Roads have always been critical to the interests of the state and nationhood. Along these roads travelled goods, human culture — and when history cooperated — prosperity.
The road trip therefore has also been about enlightenment and vision.
Books for on the road
Blue Highways (especially recommended by Bonnie and Bill)
“First published in 1982, William Least Heat-Moon’s account of his journey along the back roads of the United States (marked with the color blue on old highway maps) has become something of a classic. When he loses his job and his wife on the same cold February day, he is struck by inspiration: “A man who couldn’t make things go right could at least go. He could quit trying to get out of the way of life. Chuck routine. Live the real jeopardy of circumstance. It was a question of dignity.”
Driving cross-country in a van named Ghost Dancing, Heat-Moon (the name the Sioux give to the moon of midsummer nights) meets up with all manner of folk, from a man in Grayville, Illinois, “whose cap told me what fertilizer he used” to Scott Chisholm, “a Canadian citizen … [who] had lived in this country longer than in Canada and liked the United States but wouldn’t admit it for fear of having to pay off bets he made years earlier when he first ‘came over’ that the U.S. is a place no Canadian could ever love.” Accompanied by his photographs, Heat-Moon’s literary portraits of ordinary Americans should not be merely read, but savored.”
Editorial Review – Cahners Business Information (c) 2002
“In his newest book, Davies (Inside the Hurricane; The Devil’s Flu) offers a play-by-play account of the 1919 cross-country military caravan that doubled as a campaign for the Lincoln Highway (so named for the one Republican the corporate leaders of the day figured most Americans would embrace). The potential here is extraordinary. Using the progress of the caravan and the metaphor of paving toward the future versus stagnating in the mud, Davies touches on the industrial and social factors that developed the small and mid-sized towns that line the highways and byways of the nation. But instead of allowing the story of the caravan to anchor a series of more engaging essays on the people, politics and development of the lands it connects, the author insists on a day-to-day narrative of breakdowns, muddy roads and ice cream socials (the convoy left just days after Prohibition became law). Officers attend fancy dinners, enlisted men “dance with local girls,” and the arrival of two miles’ worth of dusty and cantankerous machinery is the greatest moment in every life in every town. Eisenhower, a future military legend and U.S. president, makes an early cameo as a young, frustrated officer who takes part in the convoy in the hopes of reinvigorating a stalled army career. Even this little twist fails to engage the reader, as Ike becomes yet another faceless character in a tale paced not unlike the caravan it chronicles slow.”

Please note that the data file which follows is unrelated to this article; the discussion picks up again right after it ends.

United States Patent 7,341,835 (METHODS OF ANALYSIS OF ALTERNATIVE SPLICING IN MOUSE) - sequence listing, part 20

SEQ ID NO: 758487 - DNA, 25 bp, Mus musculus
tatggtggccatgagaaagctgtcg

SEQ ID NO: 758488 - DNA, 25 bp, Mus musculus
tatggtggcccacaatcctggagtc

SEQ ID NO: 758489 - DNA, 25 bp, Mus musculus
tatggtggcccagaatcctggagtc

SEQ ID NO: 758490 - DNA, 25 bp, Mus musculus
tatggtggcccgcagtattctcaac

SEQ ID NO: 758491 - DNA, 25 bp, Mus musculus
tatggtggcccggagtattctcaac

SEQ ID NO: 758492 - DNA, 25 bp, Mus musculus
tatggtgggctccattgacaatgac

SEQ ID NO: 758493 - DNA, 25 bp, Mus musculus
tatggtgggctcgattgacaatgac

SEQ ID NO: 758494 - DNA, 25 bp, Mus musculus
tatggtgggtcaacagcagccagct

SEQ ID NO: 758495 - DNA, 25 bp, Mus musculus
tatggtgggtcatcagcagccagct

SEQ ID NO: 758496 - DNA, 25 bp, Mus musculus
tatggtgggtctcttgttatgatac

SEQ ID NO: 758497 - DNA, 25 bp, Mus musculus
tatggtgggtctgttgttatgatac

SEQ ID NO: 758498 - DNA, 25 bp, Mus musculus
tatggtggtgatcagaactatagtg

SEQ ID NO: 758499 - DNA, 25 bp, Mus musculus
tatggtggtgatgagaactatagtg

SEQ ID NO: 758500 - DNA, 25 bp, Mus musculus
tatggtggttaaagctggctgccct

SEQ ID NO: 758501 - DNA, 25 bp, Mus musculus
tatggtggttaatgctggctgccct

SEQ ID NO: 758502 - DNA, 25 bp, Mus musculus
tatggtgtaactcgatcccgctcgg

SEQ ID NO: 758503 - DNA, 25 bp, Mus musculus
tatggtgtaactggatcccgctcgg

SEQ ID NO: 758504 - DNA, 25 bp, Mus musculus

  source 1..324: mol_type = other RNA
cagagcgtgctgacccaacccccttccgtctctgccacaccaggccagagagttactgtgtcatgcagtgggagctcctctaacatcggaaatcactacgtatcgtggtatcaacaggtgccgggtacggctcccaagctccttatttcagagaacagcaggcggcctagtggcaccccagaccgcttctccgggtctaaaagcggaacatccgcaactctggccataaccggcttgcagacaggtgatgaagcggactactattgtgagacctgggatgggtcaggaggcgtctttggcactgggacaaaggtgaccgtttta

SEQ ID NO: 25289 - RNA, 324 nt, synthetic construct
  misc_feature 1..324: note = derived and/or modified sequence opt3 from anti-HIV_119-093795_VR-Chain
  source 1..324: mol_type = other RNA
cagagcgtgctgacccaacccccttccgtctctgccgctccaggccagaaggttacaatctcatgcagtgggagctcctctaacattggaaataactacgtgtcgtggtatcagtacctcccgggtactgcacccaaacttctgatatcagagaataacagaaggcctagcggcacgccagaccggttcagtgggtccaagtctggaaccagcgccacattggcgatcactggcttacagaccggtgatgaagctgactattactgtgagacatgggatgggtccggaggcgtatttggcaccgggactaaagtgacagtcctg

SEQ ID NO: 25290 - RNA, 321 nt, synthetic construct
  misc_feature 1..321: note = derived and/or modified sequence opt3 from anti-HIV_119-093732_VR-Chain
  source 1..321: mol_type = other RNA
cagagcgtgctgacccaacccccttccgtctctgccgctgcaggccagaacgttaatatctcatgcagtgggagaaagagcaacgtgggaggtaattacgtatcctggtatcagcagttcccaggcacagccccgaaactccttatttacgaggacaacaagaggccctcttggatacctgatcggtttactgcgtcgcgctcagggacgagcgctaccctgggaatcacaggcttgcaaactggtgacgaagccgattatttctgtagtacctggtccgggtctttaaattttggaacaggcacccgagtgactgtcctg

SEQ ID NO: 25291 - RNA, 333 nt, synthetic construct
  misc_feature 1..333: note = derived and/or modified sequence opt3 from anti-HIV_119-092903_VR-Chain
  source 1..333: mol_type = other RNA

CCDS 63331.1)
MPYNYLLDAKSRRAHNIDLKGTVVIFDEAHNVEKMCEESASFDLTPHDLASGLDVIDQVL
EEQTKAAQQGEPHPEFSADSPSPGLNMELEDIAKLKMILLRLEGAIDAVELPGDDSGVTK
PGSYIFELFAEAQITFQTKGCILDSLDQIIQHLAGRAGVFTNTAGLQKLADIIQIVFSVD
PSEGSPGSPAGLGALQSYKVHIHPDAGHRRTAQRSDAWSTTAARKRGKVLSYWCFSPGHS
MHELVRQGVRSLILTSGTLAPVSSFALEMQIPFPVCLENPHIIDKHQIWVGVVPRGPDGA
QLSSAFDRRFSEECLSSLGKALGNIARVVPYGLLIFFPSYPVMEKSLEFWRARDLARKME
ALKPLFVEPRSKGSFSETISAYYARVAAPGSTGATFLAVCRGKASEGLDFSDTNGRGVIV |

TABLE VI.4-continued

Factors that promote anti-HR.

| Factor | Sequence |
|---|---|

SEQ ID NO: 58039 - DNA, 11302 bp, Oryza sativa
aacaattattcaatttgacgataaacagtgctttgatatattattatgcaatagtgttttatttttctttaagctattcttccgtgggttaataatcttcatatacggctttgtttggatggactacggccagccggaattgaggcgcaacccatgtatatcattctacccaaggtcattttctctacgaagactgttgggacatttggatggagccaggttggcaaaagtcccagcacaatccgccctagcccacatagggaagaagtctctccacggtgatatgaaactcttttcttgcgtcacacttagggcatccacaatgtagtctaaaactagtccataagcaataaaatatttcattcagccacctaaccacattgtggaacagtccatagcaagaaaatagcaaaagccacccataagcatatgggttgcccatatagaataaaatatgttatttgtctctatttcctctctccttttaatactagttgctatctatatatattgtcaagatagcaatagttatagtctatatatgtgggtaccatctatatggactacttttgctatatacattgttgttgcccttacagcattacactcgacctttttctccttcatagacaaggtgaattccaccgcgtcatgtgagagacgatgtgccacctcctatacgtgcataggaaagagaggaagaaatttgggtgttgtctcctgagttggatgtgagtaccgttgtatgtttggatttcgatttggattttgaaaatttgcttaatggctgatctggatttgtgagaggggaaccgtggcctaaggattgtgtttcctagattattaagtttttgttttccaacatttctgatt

A personal favourite of mine, this book may have became as iconic as Jack Kerouac’s On the Road.
As a “Pirsig Pilgrim,” Mark Richardson, the editor of the “Wheels” (automotive) section of the Toronto Star newspaper, set out to retrace Robert Pirsig’s journey. For all those for whom Zen and the Art of Motorcycle Maintenance is a classic, his book will resonate deeply.
On the Road, by Jack Kerouac
The classic road trip book.
Mary McIntosh’s book has been published as
“What you’ve done becomes the judge of what you’re going to do – especially in other people’s minds. When you’re traveling, you are what you are right there and then. People don’t have your past to hold against you. No yesterdays on the road. – William Least Heat Moon, Blue Highways”
“Travel is fatal to prejudice, bigotry, and narrow-mindedness, and many of our people need it sorely on these accounts. Broad, wholesome, charitable views of men and things cannot be acquired by vegetating in one little corner of the earth all one’s lifetime. – Mark Twain”
“Two roads diverged in a wood and I – I took the one less traveled by.” – Robert Frost
“A journey of a thousand miles must begin with a single step.” – Lao Tzu
“Our battered suitcases were piled on the sidewalk again; we had longer ways to go. But no matter, the road is life.” – Jack Kerouac
A few destinations mentioned by Bonnie in this podcast
Articles from Real Travel Adventures related to this podcast.
- “Las Vegas Includes Family Fun”
- “Gators and Snakes Yikes!”
- “Hannibal, Missouri: Mark Twain’s Town“
- “Los Angeles: Big City Fun“
More on the Neely family
Both of Bonnie and Bill’s sons have pursued careers in which they too look at human society through a special lens.